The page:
Wolves live in familial packs, but how much love and devotion do they express to one another? A video shared by Yellowstone biologists demonstrates just how much adult wolves care for their young, as they bring back gifts for their pups. When the adult wolves of Mollie’s pack leave the den to hunt, they are not always successful. However, the clever canines didn’t come back empty-handed. In the absence of food, these ingenious animals seek out alternative treasures for their adoring young.
In the montage, wolf after wolf carries a treat far more intriguing than food in their mouths — “toys” for their precious pups! Unable to bring back food for the anxiously awaiting pups, the adult wolves instead bring back branches, bark, bones, and even antlers for them to play with! Beyond the simple act of survival, these wolves demonstrate a depth of love and dedication that permeates their community, revealing the familial bonds and nurturing instincts of these incredible animals.
Is It Normal for Wolves to Bring “Toys” Home for Their Pups?
Wolves are formidable predators and can be dangerous, but they have a soft spot when it comes to their pups. In general, only the alpha male and female wolves have a litter of wolf pups each year. However, everyone in the pack acts as adoring parents and contributes to the care of the new pups. In fact, packs commonly adopt abandoned wolf pups — even pups from other packs that are not related to them!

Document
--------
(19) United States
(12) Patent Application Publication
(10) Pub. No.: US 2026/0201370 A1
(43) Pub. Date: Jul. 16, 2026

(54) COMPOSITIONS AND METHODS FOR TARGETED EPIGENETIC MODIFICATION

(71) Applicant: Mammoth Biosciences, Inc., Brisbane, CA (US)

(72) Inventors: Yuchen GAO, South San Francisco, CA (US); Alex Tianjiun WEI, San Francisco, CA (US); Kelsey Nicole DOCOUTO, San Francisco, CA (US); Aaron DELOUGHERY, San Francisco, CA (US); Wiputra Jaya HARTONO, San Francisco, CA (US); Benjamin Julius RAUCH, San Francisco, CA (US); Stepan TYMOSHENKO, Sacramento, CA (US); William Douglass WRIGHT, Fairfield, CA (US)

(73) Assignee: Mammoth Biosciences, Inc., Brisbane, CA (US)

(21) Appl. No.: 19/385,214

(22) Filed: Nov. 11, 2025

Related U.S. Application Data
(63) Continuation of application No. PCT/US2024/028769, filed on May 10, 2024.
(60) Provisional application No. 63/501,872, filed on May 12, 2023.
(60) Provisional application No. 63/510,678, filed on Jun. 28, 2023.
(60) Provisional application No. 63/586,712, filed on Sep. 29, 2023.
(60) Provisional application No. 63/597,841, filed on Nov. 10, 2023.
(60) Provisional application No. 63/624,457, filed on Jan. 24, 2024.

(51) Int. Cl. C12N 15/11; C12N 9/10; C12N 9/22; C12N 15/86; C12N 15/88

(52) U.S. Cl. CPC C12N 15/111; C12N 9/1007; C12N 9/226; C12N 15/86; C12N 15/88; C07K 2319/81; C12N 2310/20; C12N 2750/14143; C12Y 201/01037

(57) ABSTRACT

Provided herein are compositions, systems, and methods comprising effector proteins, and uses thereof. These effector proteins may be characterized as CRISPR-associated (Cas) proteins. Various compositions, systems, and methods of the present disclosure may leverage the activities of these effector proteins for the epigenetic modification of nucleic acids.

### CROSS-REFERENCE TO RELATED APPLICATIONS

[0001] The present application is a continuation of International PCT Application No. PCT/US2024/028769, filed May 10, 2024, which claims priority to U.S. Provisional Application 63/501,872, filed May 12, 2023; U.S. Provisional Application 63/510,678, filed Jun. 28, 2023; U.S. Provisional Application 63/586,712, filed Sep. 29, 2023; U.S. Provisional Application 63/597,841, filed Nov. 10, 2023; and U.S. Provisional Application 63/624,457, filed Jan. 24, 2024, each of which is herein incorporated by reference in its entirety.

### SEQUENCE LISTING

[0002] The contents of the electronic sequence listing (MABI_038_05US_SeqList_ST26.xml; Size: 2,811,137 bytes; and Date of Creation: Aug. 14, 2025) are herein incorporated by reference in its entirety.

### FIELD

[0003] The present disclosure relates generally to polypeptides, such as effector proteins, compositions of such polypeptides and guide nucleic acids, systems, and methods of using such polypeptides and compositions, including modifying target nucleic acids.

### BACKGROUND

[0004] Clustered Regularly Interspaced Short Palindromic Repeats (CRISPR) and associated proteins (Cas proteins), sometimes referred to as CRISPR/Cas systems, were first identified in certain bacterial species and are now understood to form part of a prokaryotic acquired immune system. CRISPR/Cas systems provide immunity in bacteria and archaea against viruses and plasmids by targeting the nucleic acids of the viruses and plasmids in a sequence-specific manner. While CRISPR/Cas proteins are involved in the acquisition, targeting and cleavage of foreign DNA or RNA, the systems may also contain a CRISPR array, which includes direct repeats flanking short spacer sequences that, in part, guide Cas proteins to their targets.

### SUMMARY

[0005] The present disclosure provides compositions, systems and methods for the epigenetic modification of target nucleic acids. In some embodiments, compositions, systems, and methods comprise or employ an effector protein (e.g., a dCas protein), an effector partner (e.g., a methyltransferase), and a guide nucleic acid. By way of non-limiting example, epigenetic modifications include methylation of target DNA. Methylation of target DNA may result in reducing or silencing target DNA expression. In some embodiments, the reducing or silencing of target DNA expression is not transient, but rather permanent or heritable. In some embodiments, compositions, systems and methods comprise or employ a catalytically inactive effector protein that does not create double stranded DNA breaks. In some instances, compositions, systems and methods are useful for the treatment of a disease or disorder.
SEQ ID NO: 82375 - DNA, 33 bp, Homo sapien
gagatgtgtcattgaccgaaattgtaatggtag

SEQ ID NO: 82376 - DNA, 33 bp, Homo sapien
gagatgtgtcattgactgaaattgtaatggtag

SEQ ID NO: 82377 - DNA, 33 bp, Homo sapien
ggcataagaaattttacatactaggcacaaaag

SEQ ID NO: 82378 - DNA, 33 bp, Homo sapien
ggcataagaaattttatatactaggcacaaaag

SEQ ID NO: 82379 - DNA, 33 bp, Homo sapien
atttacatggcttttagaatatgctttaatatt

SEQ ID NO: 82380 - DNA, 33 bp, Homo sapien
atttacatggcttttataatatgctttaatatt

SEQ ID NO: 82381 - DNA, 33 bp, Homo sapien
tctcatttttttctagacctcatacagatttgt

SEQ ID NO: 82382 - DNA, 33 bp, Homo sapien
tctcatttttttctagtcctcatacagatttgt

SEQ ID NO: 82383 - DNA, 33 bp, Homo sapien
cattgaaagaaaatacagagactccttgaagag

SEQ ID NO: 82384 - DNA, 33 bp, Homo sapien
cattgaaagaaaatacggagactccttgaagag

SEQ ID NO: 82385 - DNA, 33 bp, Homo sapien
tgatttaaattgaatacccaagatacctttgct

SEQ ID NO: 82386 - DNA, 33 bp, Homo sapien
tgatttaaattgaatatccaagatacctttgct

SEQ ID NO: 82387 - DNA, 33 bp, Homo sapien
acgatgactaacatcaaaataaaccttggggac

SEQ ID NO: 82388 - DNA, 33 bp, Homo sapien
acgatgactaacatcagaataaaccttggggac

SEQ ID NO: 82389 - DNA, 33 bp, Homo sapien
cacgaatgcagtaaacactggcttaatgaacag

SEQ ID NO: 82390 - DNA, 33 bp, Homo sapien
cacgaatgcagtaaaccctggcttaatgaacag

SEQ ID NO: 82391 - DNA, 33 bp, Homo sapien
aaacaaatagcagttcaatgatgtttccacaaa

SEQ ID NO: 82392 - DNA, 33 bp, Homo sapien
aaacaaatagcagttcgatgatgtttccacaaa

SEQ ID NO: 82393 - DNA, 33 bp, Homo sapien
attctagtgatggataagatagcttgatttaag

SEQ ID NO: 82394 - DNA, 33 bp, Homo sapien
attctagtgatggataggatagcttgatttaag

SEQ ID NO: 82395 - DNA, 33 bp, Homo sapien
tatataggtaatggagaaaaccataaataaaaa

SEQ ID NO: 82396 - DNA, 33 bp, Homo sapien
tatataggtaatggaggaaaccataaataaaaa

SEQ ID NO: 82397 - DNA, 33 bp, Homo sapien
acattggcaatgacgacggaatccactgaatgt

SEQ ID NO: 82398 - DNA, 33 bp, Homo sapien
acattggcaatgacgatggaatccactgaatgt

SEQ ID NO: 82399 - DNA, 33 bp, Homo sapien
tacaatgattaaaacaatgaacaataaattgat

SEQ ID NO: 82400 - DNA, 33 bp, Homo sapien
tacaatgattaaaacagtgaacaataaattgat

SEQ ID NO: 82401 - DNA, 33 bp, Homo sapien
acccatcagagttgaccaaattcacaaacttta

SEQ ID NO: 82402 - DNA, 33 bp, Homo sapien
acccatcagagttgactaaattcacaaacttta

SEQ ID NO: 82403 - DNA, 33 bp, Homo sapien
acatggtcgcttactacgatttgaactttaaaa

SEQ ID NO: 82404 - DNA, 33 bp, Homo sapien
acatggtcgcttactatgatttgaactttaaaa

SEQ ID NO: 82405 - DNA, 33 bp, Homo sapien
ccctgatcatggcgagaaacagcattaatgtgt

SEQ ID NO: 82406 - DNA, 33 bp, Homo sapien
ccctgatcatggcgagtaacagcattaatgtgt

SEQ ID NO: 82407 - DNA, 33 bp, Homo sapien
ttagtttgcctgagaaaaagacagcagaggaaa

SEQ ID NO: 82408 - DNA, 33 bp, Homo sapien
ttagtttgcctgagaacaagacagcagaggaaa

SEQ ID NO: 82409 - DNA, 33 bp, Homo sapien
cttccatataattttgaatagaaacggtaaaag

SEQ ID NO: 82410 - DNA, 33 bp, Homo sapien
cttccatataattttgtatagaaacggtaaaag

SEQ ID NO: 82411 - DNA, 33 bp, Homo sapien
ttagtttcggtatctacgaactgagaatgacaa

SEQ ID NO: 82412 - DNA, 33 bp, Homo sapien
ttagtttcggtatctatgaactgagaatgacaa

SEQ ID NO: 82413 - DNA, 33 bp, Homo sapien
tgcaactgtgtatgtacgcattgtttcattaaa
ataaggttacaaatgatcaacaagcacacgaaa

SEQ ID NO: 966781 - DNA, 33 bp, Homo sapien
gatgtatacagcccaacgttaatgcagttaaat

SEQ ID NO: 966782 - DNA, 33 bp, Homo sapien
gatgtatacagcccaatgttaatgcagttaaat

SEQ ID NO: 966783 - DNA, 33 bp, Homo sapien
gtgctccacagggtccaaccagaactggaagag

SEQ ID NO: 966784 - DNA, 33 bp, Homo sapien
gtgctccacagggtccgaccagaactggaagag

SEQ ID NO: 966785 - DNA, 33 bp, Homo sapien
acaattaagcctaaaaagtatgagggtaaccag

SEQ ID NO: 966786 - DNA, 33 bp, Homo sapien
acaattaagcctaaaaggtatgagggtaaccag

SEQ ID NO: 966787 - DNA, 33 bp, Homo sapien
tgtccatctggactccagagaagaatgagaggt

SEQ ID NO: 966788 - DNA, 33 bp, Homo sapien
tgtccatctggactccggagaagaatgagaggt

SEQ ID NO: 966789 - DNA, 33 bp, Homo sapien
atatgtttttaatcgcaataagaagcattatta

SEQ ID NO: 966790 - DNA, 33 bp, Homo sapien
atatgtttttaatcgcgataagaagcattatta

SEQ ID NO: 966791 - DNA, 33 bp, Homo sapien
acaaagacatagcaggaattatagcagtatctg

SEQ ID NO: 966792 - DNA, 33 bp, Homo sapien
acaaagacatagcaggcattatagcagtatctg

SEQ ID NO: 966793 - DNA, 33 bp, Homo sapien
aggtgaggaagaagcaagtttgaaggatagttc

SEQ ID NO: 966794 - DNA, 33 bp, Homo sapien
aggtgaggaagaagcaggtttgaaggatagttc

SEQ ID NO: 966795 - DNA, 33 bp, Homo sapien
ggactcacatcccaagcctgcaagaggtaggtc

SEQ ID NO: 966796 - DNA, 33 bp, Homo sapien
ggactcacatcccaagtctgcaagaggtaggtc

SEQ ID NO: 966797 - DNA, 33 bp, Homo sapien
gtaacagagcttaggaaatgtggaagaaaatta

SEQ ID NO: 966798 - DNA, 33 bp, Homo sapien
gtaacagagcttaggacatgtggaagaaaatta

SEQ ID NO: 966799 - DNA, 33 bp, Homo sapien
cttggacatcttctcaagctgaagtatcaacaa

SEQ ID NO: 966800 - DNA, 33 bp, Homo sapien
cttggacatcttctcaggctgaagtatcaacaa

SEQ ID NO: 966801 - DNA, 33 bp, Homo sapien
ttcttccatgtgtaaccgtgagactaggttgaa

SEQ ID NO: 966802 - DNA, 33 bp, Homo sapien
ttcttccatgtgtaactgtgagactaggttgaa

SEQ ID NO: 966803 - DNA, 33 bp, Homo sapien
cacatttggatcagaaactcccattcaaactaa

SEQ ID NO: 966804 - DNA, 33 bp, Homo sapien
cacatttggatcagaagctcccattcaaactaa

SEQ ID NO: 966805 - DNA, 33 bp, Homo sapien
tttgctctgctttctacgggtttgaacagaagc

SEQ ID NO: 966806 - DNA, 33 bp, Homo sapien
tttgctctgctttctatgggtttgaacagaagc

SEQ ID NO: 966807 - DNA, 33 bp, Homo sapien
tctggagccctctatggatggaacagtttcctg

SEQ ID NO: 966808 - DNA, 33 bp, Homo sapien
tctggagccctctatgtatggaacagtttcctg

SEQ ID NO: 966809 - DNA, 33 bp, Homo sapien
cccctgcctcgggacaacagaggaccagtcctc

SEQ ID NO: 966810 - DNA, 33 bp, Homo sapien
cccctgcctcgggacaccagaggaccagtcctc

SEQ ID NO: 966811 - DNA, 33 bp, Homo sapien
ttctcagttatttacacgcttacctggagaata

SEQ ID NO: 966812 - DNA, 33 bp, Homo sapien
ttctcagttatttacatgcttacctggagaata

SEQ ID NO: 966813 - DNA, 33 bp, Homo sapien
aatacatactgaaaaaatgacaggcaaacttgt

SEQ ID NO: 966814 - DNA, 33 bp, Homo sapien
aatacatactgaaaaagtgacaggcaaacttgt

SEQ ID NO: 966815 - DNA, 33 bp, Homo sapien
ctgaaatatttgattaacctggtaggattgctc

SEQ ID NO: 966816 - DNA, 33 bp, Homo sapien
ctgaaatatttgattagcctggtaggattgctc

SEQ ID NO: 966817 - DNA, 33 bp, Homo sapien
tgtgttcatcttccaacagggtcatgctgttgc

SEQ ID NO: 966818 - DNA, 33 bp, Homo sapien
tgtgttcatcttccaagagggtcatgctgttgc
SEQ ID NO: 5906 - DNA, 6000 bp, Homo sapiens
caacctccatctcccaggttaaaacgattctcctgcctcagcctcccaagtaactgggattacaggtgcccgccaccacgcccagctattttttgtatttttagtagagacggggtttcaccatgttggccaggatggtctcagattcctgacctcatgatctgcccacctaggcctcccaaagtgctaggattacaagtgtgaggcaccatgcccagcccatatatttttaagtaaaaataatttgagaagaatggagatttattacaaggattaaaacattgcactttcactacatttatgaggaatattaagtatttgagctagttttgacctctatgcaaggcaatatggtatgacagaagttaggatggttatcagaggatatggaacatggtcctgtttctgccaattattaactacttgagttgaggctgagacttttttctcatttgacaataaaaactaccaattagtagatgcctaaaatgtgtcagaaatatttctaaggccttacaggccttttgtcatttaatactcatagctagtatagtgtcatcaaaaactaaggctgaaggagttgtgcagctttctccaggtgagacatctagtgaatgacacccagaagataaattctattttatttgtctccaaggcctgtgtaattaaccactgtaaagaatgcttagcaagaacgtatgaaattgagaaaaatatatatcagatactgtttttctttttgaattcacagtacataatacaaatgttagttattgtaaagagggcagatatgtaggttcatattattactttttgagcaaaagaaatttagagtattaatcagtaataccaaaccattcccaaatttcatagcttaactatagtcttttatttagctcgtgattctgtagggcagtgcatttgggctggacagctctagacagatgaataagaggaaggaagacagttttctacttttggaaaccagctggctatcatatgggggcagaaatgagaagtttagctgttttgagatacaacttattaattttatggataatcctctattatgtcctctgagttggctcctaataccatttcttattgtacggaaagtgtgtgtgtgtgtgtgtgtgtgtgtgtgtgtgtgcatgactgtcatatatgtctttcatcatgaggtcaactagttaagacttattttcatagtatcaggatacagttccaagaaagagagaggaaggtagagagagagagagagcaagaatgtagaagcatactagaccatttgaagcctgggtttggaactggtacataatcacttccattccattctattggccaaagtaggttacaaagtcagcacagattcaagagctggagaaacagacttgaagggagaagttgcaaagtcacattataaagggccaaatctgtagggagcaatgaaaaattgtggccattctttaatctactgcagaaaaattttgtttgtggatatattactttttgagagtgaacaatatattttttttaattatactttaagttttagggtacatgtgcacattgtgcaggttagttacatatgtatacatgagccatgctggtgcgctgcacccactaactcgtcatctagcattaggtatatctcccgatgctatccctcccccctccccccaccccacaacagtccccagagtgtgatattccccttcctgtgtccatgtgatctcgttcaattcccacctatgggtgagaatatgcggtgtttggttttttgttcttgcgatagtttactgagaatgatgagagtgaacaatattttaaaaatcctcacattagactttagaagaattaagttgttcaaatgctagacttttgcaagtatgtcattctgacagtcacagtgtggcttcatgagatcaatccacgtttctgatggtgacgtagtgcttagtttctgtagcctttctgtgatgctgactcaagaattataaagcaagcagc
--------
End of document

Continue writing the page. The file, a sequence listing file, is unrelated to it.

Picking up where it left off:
The female alpha gives birth to an average of four to six pups around May or June and nurses them for about eight weeks. As they get older, the wolf pups begin spending time with other members of the pack, who often bring them food and other gifts. Each wolf in the pack happily takes their turn bringing back food for the puppies, babysitting, protecting, and playing with them. Playing is especially important, and it is a beloved pastime. Adult wolves commonly bring back “toys” to play with in the form of bones, sticks, rocks, feathers, and even human objects when available.
In many ways, play serves as the glue that holds a wolf pack together. In fact, according to wildlife scientist Gordon Haber in his book, Among Wolves, “If a half hour passes without at least some play, it is an unusual half hour in the daily routine of a wolf family…” Play helps young pups build confidence and learn to navigate both the physical and social world of the pack, reinforcing bonds between pack members.
The photo featured at the top of this post is © COULANGES/Shutterstock.com
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